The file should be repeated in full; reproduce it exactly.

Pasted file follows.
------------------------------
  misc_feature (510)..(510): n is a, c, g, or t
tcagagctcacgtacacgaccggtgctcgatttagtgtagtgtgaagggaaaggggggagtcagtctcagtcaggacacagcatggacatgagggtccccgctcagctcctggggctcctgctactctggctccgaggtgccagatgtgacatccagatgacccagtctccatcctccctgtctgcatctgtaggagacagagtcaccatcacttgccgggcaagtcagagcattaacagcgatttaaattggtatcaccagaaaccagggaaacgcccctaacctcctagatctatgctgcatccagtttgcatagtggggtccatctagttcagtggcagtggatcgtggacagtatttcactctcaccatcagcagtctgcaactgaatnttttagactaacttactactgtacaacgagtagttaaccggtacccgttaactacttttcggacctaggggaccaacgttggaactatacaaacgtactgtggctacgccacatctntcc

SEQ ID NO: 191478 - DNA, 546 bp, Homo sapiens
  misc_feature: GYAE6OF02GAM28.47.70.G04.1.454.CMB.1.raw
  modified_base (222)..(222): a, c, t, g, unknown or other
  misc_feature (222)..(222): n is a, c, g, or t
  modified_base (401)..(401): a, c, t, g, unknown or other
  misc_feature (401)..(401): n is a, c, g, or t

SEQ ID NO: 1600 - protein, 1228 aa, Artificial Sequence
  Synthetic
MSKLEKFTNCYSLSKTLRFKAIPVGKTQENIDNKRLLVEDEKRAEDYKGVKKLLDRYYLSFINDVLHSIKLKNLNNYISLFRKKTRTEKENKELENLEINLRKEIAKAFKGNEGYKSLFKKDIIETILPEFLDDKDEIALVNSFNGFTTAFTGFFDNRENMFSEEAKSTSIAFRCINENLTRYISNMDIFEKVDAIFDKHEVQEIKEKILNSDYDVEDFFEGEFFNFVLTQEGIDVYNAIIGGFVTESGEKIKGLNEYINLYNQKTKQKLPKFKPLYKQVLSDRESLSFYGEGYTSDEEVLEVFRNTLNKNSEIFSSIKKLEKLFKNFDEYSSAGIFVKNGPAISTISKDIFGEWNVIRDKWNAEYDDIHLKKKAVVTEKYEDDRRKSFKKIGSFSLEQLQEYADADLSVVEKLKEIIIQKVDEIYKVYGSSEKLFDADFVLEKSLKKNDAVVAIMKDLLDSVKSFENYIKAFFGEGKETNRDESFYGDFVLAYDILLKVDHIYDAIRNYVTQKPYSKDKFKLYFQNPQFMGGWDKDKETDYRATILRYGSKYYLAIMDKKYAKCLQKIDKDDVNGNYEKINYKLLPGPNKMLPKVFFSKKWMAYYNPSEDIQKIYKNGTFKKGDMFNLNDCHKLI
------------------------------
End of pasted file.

  misc_feature (510)..(510): n is a, c, g, or t
tcagagctcacgtacacgaccggtgctcgatttagtgtagtgtgaagggaaaggggggagtcagtctcagtcaggacacagcatggacatgagggtccccgctcagctcctggggctcctgctactctggctccgaggtgccagatgtgacatccagatgacccagtctccatcctccctgtctgcatctgtaggagacagagtcaccatcacttgccgggcaagtcagagcattaacagcgatttaaattggtatcaccagaaaccagggaaacgcccctaacctcctagatctatgctgcatccagtttgcatagtggggtccatctagttcagtggcagtggatcgtggacagtatttcactctcaccatcagcagtctgcaactgaatnttttagactaacttactactgtacaacgagtagttaaccggtacccgttaactacttttcggacctaggggaccaacgttggaactatacaaacgtactgtggctacgccacatctntcc

SEQ ID NO: 191478 - DNA, 546 bp, Homo sapiens
  misc_feature: GYAE6OF02GAM28.47.70.G04.1.454.CMB.1.raw
  modified_base (222)..(222): a, c, t, g, unknown or other
  misc_feature (222)..(222): n is a, c, g, or t
  modified_base (401)..(401): a, c, t, g, unknown or other
  misc_feature (401)..(401): n is a, c, g, or t

SEQ ID NO: 1600 - protein, 1228 aa, Artificial Sequence
  Synthetic
MSKLEKFTNCYSLSKTLRFKAIPVGKTQENIDNKRLLVEDEKRAEDYKGVKKLLDRYYLSFINDVLHSIKLKNLNNYISLFRKKTRTEKENKELENLEINLRKEIAKAFKGNEGYKSLFKKDIIETILPEFLDDKDEIALVNSFNGFTTAFTGFFDNRENMFSEEAKSTSIAFRCINENLTRYISNMDIFEKVDAIFDKHEVQEIKEKILNSDYDVEDFFEGEFFNFVLTQEGIDVYNAIIGGFVTESGEKIKGLNEYINLYNQKTKQKLPKFKPLYKQVLSDRESLSFYGEGYTSDEEVLEVFRNTLNKNSEIFSSIKKLEKLFKNFDEYSSAGIFVKNGPAISTISKDIFGEWNVIRDKWNAEYDDIHLKKKAVVTEKYEDDRRKSFKKIGSFSLEQLQEYADADLSVVEKLKEIIIQKVDEIYKVYGSSEKLFDADFVLEKSLKKNDAVVAIMKDLLDSVKSFENYIKAFFGEGKETNRDESFYGDFVLAYDILLKVDHIYDAIRNYVTQKPYSKDKFKLYFQNPQFMGGWDKDKETDYRATILRYGSKYYLAIMDKKYAKCLQKIDKDDVNGNYEKINYKLLPGPNKMLPKVFFSKKWMAYYNPSEDIQKIYKNGTFKKGDMFNLNDCHKLI